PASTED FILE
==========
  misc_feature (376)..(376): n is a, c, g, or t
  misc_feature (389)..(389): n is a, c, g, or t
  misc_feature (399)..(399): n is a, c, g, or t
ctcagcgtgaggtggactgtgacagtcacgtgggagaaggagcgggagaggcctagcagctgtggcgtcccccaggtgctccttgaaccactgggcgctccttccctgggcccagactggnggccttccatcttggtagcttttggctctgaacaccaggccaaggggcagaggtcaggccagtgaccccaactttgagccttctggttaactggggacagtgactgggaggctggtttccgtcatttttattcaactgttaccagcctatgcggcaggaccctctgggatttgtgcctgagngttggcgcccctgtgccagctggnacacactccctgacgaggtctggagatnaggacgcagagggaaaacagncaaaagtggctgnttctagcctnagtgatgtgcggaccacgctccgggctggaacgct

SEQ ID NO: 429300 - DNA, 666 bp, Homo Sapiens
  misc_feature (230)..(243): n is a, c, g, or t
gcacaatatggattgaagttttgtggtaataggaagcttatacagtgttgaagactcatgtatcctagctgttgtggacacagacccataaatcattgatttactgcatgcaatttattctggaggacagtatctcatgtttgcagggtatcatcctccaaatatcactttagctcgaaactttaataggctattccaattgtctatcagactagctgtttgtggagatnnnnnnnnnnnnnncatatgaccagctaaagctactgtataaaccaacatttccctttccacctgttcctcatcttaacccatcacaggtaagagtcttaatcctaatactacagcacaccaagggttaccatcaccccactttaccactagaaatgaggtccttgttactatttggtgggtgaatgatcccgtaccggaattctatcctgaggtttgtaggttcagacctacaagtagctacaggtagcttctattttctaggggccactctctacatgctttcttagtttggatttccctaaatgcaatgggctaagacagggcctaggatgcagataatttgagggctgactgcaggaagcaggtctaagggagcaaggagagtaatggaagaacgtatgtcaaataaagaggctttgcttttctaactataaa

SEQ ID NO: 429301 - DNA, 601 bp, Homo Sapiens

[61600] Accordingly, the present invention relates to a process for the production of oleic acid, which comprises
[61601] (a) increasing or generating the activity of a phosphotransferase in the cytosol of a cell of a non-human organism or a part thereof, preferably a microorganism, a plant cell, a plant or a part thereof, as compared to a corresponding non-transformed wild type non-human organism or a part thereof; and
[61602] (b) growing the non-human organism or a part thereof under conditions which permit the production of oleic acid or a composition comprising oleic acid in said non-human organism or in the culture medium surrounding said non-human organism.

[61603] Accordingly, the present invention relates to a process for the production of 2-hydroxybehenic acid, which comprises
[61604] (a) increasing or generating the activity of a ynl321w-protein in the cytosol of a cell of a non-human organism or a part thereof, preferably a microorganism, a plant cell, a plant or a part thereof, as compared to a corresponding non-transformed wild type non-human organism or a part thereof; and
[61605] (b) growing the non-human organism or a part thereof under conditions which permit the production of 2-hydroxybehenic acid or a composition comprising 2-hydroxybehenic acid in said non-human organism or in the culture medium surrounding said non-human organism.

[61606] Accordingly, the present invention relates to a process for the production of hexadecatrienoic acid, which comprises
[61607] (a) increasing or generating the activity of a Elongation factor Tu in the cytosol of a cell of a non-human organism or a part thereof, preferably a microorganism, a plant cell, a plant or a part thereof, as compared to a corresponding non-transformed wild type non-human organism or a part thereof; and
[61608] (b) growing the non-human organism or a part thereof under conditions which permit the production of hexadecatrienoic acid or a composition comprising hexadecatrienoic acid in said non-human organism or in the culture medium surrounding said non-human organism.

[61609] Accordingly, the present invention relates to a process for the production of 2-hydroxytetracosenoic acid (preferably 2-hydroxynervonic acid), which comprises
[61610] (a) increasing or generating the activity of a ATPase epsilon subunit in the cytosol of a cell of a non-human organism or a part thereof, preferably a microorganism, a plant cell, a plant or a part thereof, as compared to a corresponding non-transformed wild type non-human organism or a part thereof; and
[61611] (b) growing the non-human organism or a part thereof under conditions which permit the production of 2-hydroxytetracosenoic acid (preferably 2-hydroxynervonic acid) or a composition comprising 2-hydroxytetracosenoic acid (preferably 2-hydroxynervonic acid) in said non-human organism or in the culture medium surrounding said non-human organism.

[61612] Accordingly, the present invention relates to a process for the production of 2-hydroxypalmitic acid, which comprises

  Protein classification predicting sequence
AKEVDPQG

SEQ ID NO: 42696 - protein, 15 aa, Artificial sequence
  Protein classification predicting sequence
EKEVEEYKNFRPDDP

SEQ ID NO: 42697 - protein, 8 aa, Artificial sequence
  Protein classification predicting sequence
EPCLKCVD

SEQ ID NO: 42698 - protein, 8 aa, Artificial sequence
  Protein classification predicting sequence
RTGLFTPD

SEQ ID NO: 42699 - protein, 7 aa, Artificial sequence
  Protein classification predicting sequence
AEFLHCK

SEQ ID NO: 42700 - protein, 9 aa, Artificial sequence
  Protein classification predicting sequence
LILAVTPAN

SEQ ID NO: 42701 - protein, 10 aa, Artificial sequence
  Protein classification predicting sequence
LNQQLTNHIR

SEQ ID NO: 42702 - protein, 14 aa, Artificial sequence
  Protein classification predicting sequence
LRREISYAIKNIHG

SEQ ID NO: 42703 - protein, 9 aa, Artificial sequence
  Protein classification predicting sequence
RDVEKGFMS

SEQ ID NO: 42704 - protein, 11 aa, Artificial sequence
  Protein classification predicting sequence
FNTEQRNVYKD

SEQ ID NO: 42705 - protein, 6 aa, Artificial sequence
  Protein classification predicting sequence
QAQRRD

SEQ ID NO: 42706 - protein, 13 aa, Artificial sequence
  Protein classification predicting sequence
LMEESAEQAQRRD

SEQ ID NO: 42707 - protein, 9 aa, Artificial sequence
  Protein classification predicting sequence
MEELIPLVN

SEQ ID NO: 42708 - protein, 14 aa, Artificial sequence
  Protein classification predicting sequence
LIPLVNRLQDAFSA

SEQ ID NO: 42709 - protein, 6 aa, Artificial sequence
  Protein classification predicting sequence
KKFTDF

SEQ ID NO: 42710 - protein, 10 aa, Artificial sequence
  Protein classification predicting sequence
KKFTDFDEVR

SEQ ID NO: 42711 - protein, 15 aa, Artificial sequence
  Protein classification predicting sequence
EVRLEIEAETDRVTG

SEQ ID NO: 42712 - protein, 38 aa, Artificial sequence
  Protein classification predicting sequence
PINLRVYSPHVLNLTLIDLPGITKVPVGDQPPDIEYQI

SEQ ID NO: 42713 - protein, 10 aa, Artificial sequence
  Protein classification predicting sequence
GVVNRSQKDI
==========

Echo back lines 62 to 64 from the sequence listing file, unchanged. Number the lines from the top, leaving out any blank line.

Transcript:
LIPLVNRLQDAFSA

SEQ ID NO: 42709 - protein, 6 aa, Artificial sequence
  Protein classification predicting sequence